As the holiday season moves into full swing, you might have your eye on a big gift for yourself: your first home. At this time of year, though, saving for a down payment and closing costs can seem like an impossible balancing act. Rather than putting off your home-buying plans until the new year, make adjustments to your seasonal spending and save more for a home with these tips.
1. Limit spending ahead of time
When you embark on a road trip, you have a destination in mind. The same should be true for holiday shopping: You need to have an end goal of how much (or how little) you want to spend
While the average adult in the U.S. plans to spend just over $997 for the holidays this year, according to the National Retail Federation, you don’t have to spend anywhere near that much. Bankrate’s guide to saving money during the holidays can help you find ways to cap your expenses, and at the same time, use Bankrate’s down payment calculator to get an idea of how much you need to set aside for your home.
Along with imposing a limit on holiday spending, stick to using cash or your debit card when making seasonal purchases. The act of handing over real dollar bills or seeing money immediately leave your checking account can help curb the desire to spend. If you’re going the cash route, an envelope budget can help you split up your money into categories while you shop.
Another trick to limit spending: Disable push notifications and location-tracking from any retail apps on your phone, which helps you avoid advertisements about sales that could entice you to spend more than you planned to.
2. Set everyone’s expectations
If there are expectations related to how you typically give gifts for the holidays, dispel those by sharing your home-buying plans with everyone on your list. Along with helping your loved ones recognize why this year might be different, you’ll help them understand what’s on your own list: cash for a down payment. (If a family member or friend plans to make a sizable contribution to your down payment for the holidays, make sure it is documented in a gift letter.)
In your family or friend group, consider implementing a maximum price on gifts this year, too. If setting a limit feels uncomfortable, know you’re not the only one who wants to save money. A Bankrate survey earlier this year revealed that more than 50 percent of Americans regret either not saving enough or taking on too much credit card debt.
Whether or not the dollar limit sticks, you can save even more by hosting a Secret Santa exchange, which limits the need to buy for multiple recipients, and delivers a bonus benefit of mystery and fun to the festivities.
3. Take advantage of free (or almost-free) fun
Many consumers are looking for different kinds of “gifts.” In fact, a 2020 survey by Lincoln Financial Group revealed that 57 percent of Americans didn’t want material gifts. Instead of exchanging presents, think about sharing experiences with your loved ones. In many cases, these experiences are more memorable, and much more affordable.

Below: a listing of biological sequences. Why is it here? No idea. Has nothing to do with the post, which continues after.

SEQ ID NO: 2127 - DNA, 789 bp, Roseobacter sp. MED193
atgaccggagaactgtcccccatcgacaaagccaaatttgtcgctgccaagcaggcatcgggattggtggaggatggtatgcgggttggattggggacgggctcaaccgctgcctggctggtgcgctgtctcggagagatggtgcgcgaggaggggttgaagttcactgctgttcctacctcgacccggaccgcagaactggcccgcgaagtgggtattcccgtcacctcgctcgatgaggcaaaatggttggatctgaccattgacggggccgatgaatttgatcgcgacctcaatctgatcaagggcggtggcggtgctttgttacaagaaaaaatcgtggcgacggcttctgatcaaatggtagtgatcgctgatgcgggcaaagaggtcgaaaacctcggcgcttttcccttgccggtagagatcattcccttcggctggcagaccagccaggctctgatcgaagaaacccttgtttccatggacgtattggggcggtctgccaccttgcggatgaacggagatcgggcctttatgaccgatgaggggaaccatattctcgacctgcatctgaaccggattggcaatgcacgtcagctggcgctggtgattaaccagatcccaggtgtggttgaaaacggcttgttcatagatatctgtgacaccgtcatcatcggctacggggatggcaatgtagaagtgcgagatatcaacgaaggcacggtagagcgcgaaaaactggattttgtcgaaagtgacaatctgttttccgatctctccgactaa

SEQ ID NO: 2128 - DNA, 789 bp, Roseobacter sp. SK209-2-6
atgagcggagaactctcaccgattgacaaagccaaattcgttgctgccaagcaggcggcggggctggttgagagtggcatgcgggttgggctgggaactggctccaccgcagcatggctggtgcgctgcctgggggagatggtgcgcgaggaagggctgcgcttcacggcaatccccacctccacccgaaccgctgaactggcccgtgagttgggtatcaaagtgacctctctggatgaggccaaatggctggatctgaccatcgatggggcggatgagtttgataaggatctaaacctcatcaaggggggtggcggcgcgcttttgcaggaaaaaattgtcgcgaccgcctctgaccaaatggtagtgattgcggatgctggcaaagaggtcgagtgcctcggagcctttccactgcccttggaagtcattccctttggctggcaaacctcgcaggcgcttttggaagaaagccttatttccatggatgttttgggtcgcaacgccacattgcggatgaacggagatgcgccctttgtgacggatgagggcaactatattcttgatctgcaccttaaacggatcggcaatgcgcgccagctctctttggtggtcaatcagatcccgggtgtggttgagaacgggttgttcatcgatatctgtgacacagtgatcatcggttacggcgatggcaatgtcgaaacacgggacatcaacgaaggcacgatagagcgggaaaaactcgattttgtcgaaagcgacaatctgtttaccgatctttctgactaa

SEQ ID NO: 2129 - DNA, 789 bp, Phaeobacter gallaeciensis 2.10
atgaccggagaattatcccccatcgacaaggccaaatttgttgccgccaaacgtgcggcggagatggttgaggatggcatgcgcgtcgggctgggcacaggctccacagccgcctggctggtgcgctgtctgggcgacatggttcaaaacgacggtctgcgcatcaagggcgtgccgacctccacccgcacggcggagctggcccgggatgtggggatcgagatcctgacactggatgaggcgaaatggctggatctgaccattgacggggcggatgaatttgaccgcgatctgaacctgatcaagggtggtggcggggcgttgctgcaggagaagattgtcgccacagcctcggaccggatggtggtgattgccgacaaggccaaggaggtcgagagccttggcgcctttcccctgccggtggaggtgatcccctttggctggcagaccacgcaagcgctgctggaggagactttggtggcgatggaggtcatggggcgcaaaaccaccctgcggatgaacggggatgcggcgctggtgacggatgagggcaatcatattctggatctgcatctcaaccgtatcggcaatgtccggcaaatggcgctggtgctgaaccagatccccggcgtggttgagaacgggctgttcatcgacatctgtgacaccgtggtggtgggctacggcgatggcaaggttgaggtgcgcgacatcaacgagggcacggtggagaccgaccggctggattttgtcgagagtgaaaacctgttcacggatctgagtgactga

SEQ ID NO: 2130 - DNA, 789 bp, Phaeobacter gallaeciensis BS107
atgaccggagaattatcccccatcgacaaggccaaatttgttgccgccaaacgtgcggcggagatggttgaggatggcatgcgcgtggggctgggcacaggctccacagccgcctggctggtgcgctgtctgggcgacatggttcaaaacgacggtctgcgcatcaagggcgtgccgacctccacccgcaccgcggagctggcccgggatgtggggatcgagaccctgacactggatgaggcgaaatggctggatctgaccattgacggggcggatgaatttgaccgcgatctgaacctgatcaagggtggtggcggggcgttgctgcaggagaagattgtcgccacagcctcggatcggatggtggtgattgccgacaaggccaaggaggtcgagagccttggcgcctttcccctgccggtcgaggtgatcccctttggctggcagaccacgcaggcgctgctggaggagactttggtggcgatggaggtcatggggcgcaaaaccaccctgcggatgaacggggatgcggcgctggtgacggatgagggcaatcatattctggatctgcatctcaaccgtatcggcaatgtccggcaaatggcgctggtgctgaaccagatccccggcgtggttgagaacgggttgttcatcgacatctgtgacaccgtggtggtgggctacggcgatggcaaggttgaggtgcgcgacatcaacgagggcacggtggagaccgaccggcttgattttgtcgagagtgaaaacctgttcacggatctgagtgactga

To start, look for excursions through your local tourism bureau. Most bureau websites feature an events calendar detailing free (or less expensive) seasonal outings, such as tree lighting ceremonies, holiday markets and pop-up ice skating.
Another money-saving experience: Skip the higher-priced bill of going out for dinner and invite your friends over for a holiday potluck. Divvy up individual courses or desserts so everyone shares the expense.
Likewise, there’s no shortage of holiday-themed movies to ring in the season, especially on streaming services. Instead of going out to a seasonal performance or a movie, invite everyone to your place for a small-screen event.
If you’re particularly skilled, you might consider offering your time as a gift, too. Does someone on your list need a dog walker? How about a babysitter? Think about offering the kind of gift that doesn’t involve wrapping paper – it’ll be appreciated by your loved one, and open up more room in your budget to save.
4. Get thrifty
Whether you’re bringing in holiday cheer with decor or trying to find the perfectly ugly sweater, you don’t have to buy new for things to feel new. According to Accenture’s recent holiday shopping survey, more of us are open to thrift store purchases, with 37 percent of Americans – and 50 percent of Americans under age 40 – planning to buy secondhand clothing this season.
Head to your neighborhood thrift store to browse for decorations and apparel, or explore sites like Rent the Runway and Nuuly, which allow you to rent high-end fashion for a lower price – a smart strategy for clothing you might only wear once. Don’t forget to search Facebook Marketplace, Craigslist, Poshmark and eBay, which can also help you find secondhand items.
5. Establish habits to use all year long
The benefits of adopting healthy spending and saving habits now can extend well beyond the holiday season.
By learning to follow a budget, for example, you’ll be able to refine it after the holidays and continue to hold yourself accountable every week of the year – a valuable skill for when you become a homeowner. By avoiding racking up credit card debt for holiday purchases, you’ll lower your credit utilization ratio, which can increase your credit score, giving you an advantage when it comes time to find a mortgage and get the lowest possible rate.
The holidays happen every year, but what makes them special doesn’t involve Black Friday discounts or over-the-top spending. Reframe your budget to focus less on buying gifts and more on saving money. When your savings add up to enough to cover your down payment, you’ll be able to host next year’s holiday dinner in your brand-new home.